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Can We Save Living Species by Recovering Extinct Genomes from Dire Wolves and Giant Sloths?

A wooly mammoth is the goal, but conservation is a welcome perk.

By Cassidy Ward

Colossal Biosciences wants to resurrect the wooly mammoth, but first the company is breathing life into ancient DNA research around the world. Over the last few years, Colossal has promised a Jurassic Park-like near future with living, breathing mammoths, thylacines (Tasmanian tigers) and dodos. They’ve set a tight deadline to deliver the first living mammoth in millennia by 2028. In the meantime, the company is taking a shotgun approach to pumping up the research landscape for the benefit of animals both extinct and extant.

Recently, Colossal brought in Beth Shapiro, an expert in ancient DNA, as the company’s Chief Science Officer to run their in-house research. In addition, the company is providing $7.5 million in research funding to outside academic programs in 2024, with the hope that spreading the money around will benefit the field as a whole.

How Ancient DNA Teaches Us About Living Animals and Ourselves

This probably goes without saying, but making a mammoth from scratch isn’t easy. It’s not enough just to sequence the genome. That gives us a list of genes which codes for a mammoth, but a list of ingredients is not the whole recipe. When you're making cookies, you can't just toss all the ingredients together. You have to cream the butter and sugar first, before adding your dry ingredients. Depending on the cookie, you might need to chill the dough and then you have to cook them at the right temperature for the right duration. In much the same way, there are steps to the mammoth recipe we still need to work out. If Colossal is going to bring back a mammoth or anything else, they’re going to need help.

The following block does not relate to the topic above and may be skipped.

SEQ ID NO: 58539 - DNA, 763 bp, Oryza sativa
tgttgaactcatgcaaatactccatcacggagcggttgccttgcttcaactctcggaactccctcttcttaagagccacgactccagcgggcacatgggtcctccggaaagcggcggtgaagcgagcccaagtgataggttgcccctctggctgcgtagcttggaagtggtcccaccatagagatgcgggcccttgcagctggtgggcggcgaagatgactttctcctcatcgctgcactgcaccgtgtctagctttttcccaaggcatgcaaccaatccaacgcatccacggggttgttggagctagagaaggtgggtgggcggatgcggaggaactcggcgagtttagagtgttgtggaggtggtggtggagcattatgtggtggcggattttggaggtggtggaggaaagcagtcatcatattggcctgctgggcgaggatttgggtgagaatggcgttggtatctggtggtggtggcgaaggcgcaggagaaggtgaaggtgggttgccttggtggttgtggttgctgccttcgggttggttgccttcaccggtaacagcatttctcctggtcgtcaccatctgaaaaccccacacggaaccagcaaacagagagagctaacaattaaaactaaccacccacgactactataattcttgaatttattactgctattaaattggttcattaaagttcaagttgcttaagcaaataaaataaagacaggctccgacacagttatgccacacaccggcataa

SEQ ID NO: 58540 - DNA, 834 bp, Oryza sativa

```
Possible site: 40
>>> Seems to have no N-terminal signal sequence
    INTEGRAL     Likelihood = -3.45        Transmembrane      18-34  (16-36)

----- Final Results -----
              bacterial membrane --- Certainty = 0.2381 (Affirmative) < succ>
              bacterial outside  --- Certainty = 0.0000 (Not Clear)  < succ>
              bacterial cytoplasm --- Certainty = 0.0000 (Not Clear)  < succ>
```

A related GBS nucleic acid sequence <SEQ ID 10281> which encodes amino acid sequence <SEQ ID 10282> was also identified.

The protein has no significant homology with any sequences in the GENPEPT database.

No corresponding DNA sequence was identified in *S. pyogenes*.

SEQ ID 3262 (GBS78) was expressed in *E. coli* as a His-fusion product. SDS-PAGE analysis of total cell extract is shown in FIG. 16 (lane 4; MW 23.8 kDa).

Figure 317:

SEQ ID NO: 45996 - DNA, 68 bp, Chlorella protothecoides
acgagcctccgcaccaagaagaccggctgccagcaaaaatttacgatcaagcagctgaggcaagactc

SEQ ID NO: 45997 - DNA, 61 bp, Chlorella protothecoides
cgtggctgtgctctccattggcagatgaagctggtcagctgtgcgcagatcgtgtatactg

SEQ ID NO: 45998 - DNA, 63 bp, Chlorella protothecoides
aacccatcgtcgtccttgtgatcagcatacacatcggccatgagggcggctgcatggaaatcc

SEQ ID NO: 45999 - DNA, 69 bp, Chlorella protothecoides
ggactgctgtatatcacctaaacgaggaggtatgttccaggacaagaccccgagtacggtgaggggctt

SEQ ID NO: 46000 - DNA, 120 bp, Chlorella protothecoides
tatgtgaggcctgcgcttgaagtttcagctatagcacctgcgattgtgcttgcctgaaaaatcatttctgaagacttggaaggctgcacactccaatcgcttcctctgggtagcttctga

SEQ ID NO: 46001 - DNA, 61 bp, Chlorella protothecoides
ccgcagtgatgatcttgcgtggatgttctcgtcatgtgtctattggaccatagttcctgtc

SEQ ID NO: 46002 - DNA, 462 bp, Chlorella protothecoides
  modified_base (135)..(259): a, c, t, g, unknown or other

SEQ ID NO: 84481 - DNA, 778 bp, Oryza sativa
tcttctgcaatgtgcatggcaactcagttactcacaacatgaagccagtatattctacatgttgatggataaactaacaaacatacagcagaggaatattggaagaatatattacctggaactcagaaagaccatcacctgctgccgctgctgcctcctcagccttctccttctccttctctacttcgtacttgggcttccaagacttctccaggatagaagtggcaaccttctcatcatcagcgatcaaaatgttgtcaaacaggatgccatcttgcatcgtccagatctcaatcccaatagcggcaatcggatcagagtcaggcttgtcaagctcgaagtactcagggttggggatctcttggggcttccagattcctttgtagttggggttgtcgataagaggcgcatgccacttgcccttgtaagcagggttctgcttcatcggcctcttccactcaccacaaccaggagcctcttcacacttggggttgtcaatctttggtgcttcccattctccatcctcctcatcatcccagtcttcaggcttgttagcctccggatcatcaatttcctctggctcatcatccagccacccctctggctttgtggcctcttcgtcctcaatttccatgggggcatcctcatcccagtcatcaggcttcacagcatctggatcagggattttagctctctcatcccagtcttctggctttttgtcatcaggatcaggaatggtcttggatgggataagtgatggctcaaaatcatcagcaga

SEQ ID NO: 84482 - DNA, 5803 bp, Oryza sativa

“We started out focused on species that are closely related to our core species, like the Columbian mammoth,” Ben Lamm, co-founder and CEO of Colossal, told SYFY WIRE. “Instead of us trying to solve everything, why don’t we go to the top researchers of the world, fund their massively underfunded research, let us glean from that scientific papers and research that can be shared with the entire world. And then we can leverage that for some of our own research.

Now, Colossal is funding a bunch of projects from a wide variety of species including but not limited to long-horned bison, Columbian mammoths, dire wolves, giant sloths, cave hyenas, moas, saber-toothed cats, wooly rhinoceroses, mastodons, tooth-billed pigeons (a relative of the dodo), and American cheetahs. The company has not committed to resurrecting all of these species, but learning from ancient DNA and from the ways extinct species adapted or failed to adapt might unlock new conservation strategies.

For More on De-Extinction:
Colossal Genetic Breakthrough Could be the Key to Reviving the Wooly Mammoth
Colossal Biosciences and BioRescue Partnering up to Save Northern White Rhino from Extinction
'De-Extinction Company' Colossal Biosciences Commits to Resurrecting the Dodo

A short faced bear and saber toothed cat stand in nature

One of the big challenges in conservation and in de-extinction is understanding which genes are responsible for desired traits. We might know that a certain species is adapted to cold climates, but we won’t necessarily know which specific genes are responsible for that adaptation. One way that scientists can narrow in on the answer is by comparing closely related species. Oftentimes, the closest relatives of a living species are long since extinct, and ancient DNA offers a novel way of figuring out what makes living animals tick.